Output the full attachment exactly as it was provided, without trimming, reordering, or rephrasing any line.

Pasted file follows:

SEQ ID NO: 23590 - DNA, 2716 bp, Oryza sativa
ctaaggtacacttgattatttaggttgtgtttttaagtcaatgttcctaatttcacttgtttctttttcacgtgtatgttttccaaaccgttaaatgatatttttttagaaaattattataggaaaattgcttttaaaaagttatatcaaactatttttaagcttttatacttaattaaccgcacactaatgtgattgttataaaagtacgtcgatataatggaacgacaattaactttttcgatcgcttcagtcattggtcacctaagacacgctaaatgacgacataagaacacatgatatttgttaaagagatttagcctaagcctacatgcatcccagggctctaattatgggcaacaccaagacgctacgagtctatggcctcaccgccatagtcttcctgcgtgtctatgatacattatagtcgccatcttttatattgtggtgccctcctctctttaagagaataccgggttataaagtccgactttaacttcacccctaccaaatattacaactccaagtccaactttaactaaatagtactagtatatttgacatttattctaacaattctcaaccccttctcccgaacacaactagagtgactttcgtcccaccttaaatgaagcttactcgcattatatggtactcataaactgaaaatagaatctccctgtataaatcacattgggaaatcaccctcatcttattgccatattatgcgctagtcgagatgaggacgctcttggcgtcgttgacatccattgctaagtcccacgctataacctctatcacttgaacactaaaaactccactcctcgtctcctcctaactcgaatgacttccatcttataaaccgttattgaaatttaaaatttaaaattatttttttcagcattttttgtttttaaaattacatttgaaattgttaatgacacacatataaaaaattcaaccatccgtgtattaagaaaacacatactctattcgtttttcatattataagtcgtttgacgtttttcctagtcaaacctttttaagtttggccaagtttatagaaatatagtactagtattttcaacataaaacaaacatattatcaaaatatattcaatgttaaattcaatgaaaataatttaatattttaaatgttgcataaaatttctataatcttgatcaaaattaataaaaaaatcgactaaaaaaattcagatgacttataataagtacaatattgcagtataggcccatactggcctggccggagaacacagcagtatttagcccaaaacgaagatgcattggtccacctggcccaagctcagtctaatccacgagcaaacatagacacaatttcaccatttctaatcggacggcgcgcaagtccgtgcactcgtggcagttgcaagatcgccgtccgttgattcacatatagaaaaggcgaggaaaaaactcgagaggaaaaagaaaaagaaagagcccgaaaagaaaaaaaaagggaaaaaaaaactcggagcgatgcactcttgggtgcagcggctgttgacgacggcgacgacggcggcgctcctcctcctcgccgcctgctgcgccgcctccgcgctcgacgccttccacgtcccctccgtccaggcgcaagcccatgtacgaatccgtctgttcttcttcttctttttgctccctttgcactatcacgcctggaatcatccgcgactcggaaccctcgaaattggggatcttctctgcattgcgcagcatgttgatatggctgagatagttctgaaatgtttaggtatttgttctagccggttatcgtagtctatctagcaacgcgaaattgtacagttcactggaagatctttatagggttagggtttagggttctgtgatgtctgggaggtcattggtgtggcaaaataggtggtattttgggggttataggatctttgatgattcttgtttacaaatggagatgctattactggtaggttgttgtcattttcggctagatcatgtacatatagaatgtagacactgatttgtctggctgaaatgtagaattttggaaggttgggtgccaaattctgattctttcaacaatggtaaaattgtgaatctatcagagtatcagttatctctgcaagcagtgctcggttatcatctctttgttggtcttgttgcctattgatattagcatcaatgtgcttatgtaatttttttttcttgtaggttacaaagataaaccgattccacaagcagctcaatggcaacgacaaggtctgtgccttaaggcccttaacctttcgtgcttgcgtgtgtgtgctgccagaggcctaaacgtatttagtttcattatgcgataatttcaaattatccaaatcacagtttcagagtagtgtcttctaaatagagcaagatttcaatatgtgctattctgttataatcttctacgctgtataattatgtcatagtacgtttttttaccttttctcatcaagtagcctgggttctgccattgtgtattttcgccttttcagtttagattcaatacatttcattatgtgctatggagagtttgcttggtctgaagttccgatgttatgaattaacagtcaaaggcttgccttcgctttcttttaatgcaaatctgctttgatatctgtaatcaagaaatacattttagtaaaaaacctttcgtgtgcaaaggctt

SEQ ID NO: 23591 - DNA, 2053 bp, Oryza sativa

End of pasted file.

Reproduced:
SEQ ID NO: 23590 - DNA, 2716 bp, Oryza sativa
ctaaggtacacttgattatttaggttgtgtttttaagtcaatgttcctaatttcacttgtttctttttcacgtgtatgttttccaaaccgttaaatgatatttttttagaaaattattataggaaaattgcttttaaaaagttatatcaaactatttttaagcttttatacttaattaaccgcacactaatgtgattgttataaaagtacgtcgatataatggaacgacaattaactttttcgatcgcttcagtcattggtcacctaagacacgctaaatgacgacataagaacacatgatatttgttaaagagatttagcctaagcctacatgcatcccagggctctaattatgggcaacaccaagacgctacgagtctatggcctcaccgccatagtcttcctgcgtgtctatgatacattatagtcgccatcttttatattgtggtgccctcctctctttaagagaataccgggttataaagtccgactttaacttcacccctaccaaatattacaactccaagtccaactttaactaaatagtactagtatatttgacatttattctaacaattctcaaccccttctcccgaacacaactagagtgactttcgtcccaccttaaatgaagcttactcgcattatatggtactcataaactgaaaatagaatctccctgtataaatcacattgggaaatcaccctcatcttattgccatattatgcgctagtcgagatgaggacgctcttggcgtcgttgacatccattgctaagtcccacgctataacctctatcacttgaacactaaaaactccactcctcgtctcctcctaactcgaatgacttccatcttataaaccgttattgaaatttaaaatttaaaattatttttttcagcattttttgtttttaaaattacatttgaaattgttaatgacacacatataaaaaattcaaccatccgtgtattaagaaaacacatactctattcgtttttcatattataagtcgtttgacgtttttcctagtcaaacctttttaagtttggccaagtttatagaaatatagtactagtattttcaacataaaacaaacatattatcaaaatatattcaatgttaaattcaatgaaaataatttaatattttaaatgttgcataaaatttctataatcttgatcaaaattaataaaaaaatcgactaaaaaaattcagatgacttataataagtacaatattgcagtataggcccatactggcctggccggagaacacagcagtatttagcccaaaacgaagatgcattggtccacctggcccaagctcagtctaatccacgagcaaacatagacacaatttcaccatttctaatcggacggcgcgcaagtccgtgcactcgtggcagttgcaagatcgccgtccgttgattcacatatagaaaaggcgaggaaaaaactcgagaggaaaaagaaaaagaaagagcccgaaaagaaaaaaaaagggaaaaaaaaactcggagcgatgcactcttgggtgcagcggctgttgacgacggcgacgacggcggcgctcctcctcctcgccgcctgctgcgccgcctccgcgctcgacgccttccacgtcccctccgtccaggcgcaagcccatgtacgaatccgtctgttcttcttcttctttttgctccctttgcactatcacgcctggaatcatccgcgactcggaaccctcgaaattggggatcttctctgcattgcgcagcatgttgatatggctgagatagttctgaaatgtttaggtatttgttctagccggttatcgtagtctatctagcaacgcgaaattgtacagttcactggaagatctttatagggttagggtttagggttctgtgatgtctgggaggtcattggtgtggcaaaataggtggtattttgggggttataggatctttgatgattcttgtttacaaatggagatgctattactggtaggttgttgtcattttcggctagatcatgtacatatagaatgtagacactgatttgtctggctgaaatgtagaattttggaaggttgggtgccaaattctgattctttcaacaatggtaaaattgtgaatctatcagagtatcagttatctctgcaagcagtgctcggttatcatctctttgttggtcttgttgcctattgatattagcatcaatgtgcttatgtaatttttttttcttgtaggttacaaagataaaccgattccacaagcagctcaatggcaacgacaaggtctgtgccttaaggcccttaacctttcgtgcttgcgtgtgtgtgctgccagaggcctaaacgtatttagtttcattatgcgataatttcaaattatccaaatcacagtttcagagtagtgtcttctaaatagagcaagatttcaatatgtgctattctgttataatcttctacgctgtataattatgtcatagtacgtttttttaccttttctcatcaagtagcctgggttctgccattgtgtattttcgccttttcagtttagattcaatacatttcattatgtgctatggagagtttgcttggtctgaagttccgatgttatgaattaacagtcaaaggcttgccttcgctttcttttaatgcaaatctgctttgatatctgtaatcaagaaatacattttagtaaaaaacctttcgtgtgcaaaggctt

SEQ ID NO: 23591 - DNA, 2053 bp, Oryza sativa